Elmore mayor running for District 23A office
Bjorn Olson has wanted to run for public office for a very long time. A very long time.
Even back in eighth grade at Blue Earth Area Schools he thought about it. He studied politics and was very focused on ensuring a clean background, like not getting into anything that could come back to haunt him later in life, like when he ran for some political office.
“I know, what kid thinks about things like that,” Olson says. “But I didn’t want anything in my life to stop my goals from happening later.”
Olson is now running to be the Republican candidate on this fall’s ballot to fill the Minnesota State Legislature District 23A seat which is currently held by Rep. Bob Gunther, but will be open when Gunther retires late this year.
There are three other announced candidates running for the Republican endorsement, a process which starts at the county caucuses on Tuesday, Feb. 25.
The others are Michael Sukalski of Fairmont, Shane Schofield of Watonwan County and Tom Nelson of Jackson. That means there is a candidate from each of the four counties either whole or in part in District 23A; Faribault, Martin, Jackson and Watonwan.
That does not deter Olson from thinking he could be the choice of the Republicans in the district.
Olson is a teacher in the Blue Earth Area School District, he is the mayor of Elmore, he is a captain in the Army Reserve, and he is an active farmer.
“What better person to understand the issues concerning education than a teacher, or the issues with veterans than someone in the Army Reserves, or with agriculture than someone who is actually involved with farming,” Olson questions. “And what better person to be the state representative than someone who was born and raised in the district and has family roots that go back 135 years?”
Olson says that having served as mayor of Elmore the past few years also gave him a good first taste of holding public office.
“I really enjoy public service, and doing good for the people, whether it is the people of Elmore or all the citizens in the district,” he says.
Olson says his friends joke that his life must be pretty confusing, because he wears so many hats, and they are right.
“My life is a puzzle, for sure, and so far I have been able to put all the pieces together,” he explains. “In the spring and fall I am a farmer, in the winter I’m a teacher and in the spring and fall, of course and in the summer I am a soldier doing my military training.”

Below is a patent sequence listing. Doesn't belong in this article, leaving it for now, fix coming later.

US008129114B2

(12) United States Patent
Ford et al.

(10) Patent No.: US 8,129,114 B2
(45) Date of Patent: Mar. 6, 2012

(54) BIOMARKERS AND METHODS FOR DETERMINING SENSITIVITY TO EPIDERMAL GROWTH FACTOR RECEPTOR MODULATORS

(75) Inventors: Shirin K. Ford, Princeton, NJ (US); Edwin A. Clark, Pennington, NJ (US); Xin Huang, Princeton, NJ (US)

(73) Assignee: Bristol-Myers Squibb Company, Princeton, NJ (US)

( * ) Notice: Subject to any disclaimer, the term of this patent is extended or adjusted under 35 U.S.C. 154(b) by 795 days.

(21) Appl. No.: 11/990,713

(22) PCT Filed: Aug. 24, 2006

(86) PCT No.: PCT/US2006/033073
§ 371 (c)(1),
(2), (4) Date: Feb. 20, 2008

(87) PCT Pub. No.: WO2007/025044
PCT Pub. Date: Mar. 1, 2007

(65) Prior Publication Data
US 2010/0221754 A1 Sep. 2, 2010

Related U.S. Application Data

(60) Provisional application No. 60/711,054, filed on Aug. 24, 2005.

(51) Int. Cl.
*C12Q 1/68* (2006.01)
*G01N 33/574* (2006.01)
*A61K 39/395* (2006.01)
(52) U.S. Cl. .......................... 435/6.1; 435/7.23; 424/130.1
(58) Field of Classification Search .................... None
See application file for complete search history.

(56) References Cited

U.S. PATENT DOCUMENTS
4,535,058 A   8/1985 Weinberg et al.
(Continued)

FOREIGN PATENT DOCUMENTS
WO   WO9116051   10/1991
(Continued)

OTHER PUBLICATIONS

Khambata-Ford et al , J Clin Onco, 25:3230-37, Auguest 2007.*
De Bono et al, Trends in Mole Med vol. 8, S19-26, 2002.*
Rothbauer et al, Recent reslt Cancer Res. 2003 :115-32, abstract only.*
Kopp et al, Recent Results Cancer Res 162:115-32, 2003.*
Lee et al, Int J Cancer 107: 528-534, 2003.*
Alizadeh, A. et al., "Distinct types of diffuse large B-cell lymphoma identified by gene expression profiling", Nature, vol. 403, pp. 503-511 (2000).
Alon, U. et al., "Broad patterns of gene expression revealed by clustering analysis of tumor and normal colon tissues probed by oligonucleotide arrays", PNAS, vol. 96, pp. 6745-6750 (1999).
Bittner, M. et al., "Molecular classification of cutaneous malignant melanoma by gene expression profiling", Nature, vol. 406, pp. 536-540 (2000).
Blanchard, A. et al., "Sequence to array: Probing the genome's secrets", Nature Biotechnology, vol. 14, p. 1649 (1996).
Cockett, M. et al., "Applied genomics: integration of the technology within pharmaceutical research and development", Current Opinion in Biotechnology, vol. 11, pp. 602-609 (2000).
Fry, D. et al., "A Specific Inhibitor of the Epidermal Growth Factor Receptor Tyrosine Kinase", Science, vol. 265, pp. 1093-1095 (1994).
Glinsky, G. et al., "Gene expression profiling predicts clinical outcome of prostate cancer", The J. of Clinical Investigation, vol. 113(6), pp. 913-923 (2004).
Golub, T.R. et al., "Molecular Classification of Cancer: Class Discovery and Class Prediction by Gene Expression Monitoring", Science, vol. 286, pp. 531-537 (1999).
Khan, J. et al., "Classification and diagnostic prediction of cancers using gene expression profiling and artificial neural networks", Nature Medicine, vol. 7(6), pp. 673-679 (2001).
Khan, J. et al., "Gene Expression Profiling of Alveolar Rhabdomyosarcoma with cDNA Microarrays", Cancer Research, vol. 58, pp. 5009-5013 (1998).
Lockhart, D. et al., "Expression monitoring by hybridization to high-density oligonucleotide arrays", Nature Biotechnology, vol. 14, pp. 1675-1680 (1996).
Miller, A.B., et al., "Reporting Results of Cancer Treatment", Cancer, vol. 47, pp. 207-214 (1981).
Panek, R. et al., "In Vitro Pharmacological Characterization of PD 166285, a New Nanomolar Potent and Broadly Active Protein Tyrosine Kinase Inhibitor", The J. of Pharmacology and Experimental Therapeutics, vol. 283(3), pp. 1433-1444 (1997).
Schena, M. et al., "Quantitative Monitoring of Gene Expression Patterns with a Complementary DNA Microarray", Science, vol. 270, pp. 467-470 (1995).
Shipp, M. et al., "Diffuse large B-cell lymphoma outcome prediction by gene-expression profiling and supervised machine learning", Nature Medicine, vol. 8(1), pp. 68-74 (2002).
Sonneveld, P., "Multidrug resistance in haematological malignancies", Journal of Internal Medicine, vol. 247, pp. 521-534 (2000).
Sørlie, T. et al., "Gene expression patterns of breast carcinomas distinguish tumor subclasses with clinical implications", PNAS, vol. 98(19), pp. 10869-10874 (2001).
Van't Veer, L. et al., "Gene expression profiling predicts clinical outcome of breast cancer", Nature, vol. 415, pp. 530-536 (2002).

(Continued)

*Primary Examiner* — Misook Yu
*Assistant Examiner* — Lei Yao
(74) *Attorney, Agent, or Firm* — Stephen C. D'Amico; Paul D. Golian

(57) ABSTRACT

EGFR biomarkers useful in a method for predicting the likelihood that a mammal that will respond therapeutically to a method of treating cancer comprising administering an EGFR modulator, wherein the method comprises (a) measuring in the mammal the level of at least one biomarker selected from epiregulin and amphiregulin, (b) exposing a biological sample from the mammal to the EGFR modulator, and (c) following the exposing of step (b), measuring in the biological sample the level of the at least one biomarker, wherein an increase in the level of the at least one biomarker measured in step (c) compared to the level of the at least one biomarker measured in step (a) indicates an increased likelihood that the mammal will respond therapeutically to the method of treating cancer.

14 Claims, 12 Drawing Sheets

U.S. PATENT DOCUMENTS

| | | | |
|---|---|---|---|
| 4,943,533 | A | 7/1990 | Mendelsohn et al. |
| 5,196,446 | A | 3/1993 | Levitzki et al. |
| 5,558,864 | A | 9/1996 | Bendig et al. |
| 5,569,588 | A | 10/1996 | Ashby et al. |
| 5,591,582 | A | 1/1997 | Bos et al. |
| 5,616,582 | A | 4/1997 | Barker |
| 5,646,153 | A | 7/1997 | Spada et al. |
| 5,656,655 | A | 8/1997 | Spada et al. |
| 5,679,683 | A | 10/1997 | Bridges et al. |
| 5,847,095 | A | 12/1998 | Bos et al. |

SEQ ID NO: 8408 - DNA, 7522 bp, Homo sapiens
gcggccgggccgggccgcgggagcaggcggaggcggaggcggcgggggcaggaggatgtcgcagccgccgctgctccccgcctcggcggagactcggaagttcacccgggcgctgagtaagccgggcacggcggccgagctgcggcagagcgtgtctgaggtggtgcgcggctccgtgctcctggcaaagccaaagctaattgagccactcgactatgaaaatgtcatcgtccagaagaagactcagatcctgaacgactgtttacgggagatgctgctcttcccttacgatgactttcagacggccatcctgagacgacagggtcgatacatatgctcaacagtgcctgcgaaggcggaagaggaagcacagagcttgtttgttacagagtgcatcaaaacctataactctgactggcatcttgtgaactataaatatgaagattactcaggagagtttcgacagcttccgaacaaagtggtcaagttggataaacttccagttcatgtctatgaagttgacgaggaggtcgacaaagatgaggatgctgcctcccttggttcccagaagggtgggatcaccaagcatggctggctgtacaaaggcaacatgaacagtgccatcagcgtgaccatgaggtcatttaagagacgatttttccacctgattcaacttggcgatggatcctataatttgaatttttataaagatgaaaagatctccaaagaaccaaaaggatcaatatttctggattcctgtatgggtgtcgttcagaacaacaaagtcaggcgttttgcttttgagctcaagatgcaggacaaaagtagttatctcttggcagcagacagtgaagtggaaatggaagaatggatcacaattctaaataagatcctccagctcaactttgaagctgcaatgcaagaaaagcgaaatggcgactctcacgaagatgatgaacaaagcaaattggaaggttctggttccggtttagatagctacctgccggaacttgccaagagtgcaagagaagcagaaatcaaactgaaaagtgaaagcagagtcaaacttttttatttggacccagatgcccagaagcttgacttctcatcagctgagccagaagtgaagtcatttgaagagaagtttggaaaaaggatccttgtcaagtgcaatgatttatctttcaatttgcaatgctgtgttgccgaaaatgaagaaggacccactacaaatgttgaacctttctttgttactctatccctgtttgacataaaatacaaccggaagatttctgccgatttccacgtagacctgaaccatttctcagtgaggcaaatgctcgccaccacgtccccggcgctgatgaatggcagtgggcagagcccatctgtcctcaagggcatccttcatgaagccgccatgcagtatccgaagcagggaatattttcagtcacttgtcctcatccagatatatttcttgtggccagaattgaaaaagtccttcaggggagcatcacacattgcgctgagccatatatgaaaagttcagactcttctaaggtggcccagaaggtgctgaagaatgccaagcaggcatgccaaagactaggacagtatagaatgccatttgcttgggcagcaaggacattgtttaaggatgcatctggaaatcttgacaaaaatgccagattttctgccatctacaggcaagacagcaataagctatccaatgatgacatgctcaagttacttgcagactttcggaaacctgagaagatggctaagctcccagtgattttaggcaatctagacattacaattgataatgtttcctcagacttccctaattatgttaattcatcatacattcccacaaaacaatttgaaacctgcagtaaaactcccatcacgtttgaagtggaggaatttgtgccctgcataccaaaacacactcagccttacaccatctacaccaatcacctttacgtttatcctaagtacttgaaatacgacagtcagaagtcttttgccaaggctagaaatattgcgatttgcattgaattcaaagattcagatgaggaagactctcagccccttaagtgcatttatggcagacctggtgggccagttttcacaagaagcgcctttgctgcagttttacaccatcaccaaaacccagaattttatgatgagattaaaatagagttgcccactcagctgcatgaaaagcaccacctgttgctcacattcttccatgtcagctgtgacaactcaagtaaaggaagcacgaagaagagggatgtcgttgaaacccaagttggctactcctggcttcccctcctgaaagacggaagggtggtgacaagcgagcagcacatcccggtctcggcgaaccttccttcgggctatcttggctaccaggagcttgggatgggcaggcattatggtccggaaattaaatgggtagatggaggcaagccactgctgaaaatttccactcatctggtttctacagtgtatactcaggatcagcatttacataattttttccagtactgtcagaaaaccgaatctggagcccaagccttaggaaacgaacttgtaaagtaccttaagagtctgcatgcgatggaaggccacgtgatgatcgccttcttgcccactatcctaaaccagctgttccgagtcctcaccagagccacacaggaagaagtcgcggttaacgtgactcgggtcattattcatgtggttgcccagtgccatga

If he is elected to the Minnesota House of Representatives, something would have to give. And, he says, that unfortunately would be his teaching job.
“I would have to take an extended leave of absence from teaching,” he says. “I have not talked to the district about it yet, but I?will when I need to.”
One thing about not teaching would be that it would free up some more time for farming, besides the time needed for being a legislator.
“I would try and still do some substitute teaching,” he says. “As well as being a cross country coach, board game club coach and Knowledge Bowl coach. I really love doing those things.”
And, what about the time which would be necessary to be away from the family when the legislature is in session?
“Family is the most important thing to me,” Olson says. “So our plan is that my wife and two kids will go with me to St. Paul. They are two-years old and three-months old so they are not in school yet. Plus, we know a lot of people in the Twin Cities from college.”
But before he can make any definite plans, Olson has some serious campaigning to do. It starts with the caucuses held in each county next Tuesday, Feb. 25.
“I will have family at both Faribault and Martin counties caucuses, and I plan on attending the one in Martin County,” Olson says.
At those county caucuses delegates to the county conventions will be elected. Candidates will be endorsed at those conventions and delegates sent to the District 23A convention.
Then, if some of the other three current candidates are not endorsed they can still run in a Primary Election which will be held in August.
After that, of course, is the actual General Election, where the Republican candidate, whoever it is, could be facing competition on the ballot from a Democrat contender.
“The whole question is ‘who is the most qualified to represent this district.’ I really feel that is me,” Olson says. “I think, with my background, that I have a very good insight into all the issues and struggles in a rural district like ours and that is because I have some skin in the game. I farm, teach school and live in and am the mayor of the town of Elmore. We have had to face a few issues.”